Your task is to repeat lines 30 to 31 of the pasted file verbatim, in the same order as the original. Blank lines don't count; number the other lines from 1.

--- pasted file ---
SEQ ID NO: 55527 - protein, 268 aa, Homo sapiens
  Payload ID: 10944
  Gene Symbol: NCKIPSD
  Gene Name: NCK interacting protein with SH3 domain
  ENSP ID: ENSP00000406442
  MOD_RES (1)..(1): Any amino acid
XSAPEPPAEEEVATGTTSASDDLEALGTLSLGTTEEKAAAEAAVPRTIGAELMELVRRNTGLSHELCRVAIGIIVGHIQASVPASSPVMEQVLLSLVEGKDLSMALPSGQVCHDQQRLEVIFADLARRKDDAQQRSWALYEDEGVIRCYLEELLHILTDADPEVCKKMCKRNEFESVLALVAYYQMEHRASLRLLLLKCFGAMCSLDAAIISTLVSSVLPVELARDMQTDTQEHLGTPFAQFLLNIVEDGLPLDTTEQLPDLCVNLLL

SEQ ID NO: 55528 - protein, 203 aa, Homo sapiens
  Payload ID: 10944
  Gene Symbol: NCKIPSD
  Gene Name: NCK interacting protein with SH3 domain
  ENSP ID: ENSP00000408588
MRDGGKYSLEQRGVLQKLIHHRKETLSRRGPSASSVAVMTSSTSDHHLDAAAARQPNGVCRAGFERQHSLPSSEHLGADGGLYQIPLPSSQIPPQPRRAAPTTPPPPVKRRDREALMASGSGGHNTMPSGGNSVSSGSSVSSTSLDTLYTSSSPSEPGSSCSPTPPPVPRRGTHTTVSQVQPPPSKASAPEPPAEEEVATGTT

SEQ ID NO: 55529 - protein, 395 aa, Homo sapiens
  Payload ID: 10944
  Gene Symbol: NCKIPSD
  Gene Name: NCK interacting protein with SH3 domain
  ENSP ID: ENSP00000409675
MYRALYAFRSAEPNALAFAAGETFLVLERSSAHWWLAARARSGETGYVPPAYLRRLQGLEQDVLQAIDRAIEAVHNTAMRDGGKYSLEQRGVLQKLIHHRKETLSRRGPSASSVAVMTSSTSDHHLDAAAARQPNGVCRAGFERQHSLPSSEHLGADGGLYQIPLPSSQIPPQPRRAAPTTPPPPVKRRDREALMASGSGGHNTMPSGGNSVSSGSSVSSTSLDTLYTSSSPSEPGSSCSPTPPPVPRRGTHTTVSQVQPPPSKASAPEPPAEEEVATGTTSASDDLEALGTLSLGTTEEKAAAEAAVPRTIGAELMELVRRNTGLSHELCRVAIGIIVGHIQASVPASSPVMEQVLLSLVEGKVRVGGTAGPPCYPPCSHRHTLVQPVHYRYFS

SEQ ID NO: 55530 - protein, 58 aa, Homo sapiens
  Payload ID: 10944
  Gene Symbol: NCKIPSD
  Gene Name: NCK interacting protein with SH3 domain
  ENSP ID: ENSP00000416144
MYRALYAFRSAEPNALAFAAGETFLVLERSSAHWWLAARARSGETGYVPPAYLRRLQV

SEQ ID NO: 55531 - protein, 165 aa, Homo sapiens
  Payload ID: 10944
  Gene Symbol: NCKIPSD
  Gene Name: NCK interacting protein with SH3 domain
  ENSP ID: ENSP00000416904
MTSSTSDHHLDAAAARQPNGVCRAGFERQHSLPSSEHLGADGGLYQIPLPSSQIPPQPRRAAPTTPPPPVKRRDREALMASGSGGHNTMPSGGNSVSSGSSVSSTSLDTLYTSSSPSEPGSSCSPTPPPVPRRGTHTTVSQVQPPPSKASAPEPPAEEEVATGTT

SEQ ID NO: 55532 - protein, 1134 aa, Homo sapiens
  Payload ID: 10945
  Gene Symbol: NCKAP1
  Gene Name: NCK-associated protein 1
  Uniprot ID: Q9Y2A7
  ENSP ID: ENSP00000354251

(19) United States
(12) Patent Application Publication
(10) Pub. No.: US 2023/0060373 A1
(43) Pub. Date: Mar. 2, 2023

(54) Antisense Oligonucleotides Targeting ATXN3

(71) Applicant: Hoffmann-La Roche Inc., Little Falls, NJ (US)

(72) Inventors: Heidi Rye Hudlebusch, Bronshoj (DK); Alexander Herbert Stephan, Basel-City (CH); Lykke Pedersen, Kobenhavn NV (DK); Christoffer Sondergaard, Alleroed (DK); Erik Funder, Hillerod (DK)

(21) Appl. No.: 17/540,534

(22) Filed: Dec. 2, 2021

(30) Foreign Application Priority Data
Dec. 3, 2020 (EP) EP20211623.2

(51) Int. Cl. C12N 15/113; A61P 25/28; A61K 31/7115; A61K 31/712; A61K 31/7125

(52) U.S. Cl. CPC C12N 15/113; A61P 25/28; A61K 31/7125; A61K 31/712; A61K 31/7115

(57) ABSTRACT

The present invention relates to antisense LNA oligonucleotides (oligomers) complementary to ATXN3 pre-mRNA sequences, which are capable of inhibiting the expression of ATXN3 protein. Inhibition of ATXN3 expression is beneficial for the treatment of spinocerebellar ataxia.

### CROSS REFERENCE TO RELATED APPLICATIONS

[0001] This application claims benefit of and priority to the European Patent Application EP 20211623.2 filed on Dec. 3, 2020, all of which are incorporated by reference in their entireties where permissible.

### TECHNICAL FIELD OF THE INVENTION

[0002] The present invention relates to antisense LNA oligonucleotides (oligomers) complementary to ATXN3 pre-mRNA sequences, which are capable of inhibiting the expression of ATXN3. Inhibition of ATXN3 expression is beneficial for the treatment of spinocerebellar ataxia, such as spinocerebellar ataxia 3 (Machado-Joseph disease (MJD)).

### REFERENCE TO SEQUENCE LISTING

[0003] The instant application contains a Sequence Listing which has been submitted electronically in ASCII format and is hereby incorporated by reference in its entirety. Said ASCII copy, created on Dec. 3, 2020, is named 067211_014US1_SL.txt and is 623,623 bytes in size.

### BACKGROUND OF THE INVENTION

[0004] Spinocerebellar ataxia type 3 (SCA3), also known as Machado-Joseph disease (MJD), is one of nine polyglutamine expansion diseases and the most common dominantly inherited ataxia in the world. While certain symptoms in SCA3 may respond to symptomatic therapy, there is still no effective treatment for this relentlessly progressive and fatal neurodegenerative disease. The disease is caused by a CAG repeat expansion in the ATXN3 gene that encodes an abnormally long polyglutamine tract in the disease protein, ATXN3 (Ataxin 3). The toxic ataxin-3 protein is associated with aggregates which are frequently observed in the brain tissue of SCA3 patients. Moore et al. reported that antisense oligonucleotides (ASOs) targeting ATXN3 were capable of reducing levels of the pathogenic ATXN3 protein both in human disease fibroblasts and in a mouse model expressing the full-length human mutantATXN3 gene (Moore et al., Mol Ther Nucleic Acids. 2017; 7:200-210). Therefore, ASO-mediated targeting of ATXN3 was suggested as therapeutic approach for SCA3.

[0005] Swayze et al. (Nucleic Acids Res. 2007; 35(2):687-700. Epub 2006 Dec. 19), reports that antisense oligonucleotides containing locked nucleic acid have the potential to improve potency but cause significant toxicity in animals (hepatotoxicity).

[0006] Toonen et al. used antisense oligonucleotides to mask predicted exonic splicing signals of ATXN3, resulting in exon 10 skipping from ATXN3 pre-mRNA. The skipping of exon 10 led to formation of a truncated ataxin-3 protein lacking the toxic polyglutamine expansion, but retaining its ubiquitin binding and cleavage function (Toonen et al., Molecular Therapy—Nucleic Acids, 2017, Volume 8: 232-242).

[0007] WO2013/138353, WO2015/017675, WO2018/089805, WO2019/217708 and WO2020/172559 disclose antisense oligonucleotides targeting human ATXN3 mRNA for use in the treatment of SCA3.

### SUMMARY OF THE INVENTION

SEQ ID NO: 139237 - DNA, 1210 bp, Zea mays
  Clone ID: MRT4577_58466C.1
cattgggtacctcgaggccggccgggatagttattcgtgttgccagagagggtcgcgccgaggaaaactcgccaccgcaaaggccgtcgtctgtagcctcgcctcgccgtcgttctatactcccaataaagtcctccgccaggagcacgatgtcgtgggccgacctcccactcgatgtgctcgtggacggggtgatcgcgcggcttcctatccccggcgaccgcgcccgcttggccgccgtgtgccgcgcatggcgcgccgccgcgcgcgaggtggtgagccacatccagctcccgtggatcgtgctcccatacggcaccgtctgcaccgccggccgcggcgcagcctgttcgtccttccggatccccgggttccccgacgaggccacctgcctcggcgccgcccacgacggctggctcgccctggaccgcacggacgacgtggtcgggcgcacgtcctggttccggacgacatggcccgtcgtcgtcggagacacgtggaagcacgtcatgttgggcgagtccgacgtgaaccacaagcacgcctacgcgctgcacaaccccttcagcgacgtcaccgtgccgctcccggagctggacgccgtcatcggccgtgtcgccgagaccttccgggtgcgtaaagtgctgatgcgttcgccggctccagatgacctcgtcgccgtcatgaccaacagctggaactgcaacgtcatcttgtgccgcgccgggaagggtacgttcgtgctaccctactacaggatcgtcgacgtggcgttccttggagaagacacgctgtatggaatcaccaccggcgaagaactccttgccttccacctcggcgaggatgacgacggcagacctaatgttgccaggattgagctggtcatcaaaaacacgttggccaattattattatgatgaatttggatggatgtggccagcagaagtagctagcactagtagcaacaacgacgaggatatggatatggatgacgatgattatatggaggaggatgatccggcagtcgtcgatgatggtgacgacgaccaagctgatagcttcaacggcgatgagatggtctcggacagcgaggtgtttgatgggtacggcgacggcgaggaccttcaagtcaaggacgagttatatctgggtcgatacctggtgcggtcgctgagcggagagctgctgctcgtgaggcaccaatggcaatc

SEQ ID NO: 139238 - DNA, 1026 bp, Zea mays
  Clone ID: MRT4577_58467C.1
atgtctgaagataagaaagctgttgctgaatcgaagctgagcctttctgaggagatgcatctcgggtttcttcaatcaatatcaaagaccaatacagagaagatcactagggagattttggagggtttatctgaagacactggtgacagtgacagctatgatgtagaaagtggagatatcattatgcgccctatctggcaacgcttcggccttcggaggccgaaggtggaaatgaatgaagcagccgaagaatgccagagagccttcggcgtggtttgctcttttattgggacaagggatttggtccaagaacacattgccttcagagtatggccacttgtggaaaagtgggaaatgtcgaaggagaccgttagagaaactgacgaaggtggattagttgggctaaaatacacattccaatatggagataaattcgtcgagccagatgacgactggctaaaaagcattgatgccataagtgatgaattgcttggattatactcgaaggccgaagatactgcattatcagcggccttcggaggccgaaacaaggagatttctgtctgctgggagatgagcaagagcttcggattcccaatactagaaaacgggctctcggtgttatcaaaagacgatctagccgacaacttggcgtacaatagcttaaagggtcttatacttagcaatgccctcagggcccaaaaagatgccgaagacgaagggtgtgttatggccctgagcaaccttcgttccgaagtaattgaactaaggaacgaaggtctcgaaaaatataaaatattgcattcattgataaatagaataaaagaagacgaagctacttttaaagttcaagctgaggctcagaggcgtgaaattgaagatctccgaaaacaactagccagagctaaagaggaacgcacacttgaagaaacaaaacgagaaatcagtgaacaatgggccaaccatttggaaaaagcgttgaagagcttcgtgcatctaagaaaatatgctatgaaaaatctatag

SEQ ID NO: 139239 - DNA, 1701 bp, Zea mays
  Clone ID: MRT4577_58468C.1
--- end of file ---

  ENSP ID: ENSP00000416904
MTSSTSDHHLDAAAARQPNGVCRAGFERQHSLPSSEHLGADGGLYQIPLPSSQIPPQPRRAAPTTPPPPVKRRDREALMASGSGGHNTMPSGGNSVSSGSSVSSTSLDTLYTSSSPSEPGSSCSPTPPPVPRRGTHTTVSQVQPPPSKASAPEPPAEEEVATGTT